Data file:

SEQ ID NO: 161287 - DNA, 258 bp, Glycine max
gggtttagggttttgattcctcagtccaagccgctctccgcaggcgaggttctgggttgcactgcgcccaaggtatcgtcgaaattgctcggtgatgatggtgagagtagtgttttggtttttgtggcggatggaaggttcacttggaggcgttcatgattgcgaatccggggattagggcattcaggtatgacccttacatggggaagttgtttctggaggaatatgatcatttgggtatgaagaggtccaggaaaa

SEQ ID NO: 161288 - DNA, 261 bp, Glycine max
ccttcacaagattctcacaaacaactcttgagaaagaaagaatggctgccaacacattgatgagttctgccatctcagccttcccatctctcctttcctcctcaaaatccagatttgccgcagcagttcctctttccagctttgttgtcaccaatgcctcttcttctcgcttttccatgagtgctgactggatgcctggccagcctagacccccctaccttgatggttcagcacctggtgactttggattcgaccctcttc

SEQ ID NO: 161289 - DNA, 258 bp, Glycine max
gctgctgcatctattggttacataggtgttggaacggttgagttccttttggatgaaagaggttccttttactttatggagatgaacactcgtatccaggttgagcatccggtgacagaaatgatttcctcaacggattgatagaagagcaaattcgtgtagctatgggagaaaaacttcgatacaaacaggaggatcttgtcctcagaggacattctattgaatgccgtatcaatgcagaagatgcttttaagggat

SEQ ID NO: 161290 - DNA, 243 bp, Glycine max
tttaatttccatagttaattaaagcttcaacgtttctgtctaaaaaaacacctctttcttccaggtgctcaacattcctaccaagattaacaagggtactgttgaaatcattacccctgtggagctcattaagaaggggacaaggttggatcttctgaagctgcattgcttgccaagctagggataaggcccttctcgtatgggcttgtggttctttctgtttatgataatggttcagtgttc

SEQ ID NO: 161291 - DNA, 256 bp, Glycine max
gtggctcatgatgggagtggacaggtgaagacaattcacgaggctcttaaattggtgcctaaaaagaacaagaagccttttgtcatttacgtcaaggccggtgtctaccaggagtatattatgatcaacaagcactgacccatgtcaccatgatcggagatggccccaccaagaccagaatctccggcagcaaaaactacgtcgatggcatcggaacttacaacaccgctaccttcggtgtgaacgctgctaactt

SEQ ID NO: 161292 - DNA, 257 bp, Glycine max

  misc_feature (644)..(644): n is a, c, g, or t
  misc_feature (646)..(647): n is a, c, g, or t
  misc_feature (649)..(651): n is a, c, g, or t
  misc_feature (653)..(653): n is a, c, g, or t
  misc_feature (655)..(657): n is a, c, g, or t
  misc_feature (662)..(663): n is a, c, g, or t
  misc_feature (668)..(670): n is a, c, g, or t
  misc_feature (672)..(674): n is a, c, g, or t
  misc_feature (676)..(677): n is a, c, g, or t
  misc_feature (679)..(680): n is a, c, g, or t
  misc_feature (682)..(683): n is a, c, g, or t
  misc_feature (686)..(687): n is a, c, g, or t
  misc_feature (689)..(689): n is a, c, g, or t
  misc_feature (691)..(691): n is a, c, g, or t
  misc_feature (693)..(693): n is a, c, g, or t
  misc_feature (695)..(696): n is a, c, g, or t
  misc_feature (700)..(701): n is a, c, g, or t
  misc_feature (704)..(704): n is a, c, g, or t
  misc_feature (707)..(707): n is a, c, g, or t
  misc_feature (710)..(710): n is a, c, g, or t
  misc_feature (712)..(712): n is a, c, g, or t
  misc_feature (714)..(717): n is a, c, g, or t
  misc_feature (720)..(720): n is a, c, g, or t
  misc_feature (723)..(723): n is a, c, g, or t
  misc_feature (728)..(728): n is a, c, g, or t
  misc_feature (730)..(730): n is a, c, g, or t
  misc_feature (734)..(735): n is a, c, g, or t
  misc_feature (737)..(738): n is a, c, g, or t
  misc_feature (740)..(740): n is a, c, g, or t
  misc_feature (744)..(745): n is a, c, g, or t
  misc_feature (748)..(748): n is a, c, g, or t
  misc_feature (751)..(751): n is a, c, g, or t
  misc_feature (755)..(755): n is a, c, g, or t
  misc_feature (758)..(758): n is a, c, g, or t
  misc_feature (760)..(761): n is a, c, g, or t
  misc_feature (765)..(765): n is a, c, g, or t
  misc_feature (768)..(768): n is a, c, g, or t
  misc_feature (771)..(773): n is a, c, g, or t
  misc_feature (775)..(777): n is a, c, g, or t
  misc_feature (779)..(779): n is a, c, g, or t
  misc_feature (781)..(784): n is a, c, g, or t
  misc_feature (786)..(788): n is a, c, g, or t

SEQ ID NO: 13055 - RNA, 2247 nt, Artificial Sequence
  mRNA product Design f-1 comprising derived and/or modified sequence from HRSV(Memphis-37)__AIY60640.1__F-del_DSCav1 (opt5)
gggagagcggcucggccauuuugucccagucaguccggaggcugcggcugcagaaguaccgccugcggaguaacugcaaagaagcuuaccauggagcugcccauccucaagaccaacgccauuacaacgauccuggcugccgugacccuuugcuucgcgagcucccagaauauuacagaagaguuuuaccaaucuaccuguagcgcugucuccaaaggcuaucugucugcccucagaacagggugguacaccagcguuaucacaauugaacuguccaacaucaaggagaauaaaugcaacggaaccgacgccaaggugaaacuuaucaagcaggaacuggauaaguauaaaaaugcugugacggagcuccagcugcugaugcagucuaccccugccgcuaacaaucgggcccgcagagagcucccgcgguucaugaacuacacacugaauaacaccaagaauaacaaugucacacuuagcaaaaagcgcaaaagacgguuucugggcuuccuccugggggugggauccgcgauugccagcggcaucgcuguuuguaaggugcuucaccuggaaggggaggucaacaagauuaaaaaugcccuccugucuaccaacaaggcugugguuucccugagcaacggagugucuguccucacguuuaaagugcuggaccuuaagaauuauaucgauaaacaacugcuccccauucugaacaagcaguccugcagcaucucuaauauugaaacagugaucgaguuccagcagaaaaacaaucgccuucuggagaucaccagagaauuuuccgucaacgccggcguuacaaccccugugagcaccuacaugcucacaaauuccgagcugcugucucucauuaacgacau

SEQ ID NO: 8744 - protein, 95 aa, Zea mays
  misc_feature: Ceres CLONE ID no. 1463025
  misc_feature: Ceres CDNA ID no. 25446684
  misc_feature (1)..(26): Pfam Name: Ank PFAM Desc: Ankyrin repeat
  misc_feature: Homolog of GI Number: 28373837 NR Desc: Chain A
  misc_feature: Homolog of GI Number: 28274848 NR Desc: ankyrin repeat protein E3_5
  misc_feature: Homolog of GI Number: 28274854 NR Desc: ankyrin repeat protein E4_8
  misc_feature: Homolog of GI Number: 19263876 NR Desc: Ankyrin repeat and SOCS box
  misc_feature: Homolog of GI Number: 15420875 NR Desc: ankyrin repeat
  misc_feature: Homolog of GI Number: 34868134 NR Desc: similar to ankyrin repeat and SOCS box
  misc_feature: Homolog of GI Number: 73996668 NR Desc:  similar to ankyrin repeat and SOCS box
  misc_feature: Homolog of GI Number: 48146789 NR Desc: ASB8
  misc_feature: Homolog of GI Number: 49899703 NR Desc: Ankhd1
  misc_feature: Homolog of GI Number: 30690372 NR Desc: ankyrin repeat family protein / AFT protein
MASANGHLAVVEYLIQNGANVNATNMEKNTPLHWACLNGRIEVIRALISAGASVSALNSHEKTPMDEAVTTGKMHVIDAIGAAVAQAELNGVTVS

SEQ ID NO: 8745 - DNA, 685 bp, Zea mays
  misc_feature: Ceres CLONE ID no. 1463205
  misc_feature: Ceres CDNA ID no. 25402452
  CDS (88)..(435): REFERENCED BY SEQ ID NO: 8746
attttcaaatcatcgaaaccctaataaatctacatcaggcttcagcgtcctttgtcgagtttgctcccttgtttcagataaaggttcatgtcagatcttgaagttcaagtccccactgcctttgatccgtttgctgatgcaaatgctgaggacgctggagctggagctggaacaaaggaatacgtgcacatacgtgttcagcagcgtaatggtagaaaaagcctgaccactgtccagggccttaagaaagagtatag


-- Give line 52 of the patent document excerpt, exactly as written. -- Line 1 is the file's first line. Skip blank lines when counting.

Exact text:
  misc_feature (781)..(784): n is a, c, g, or t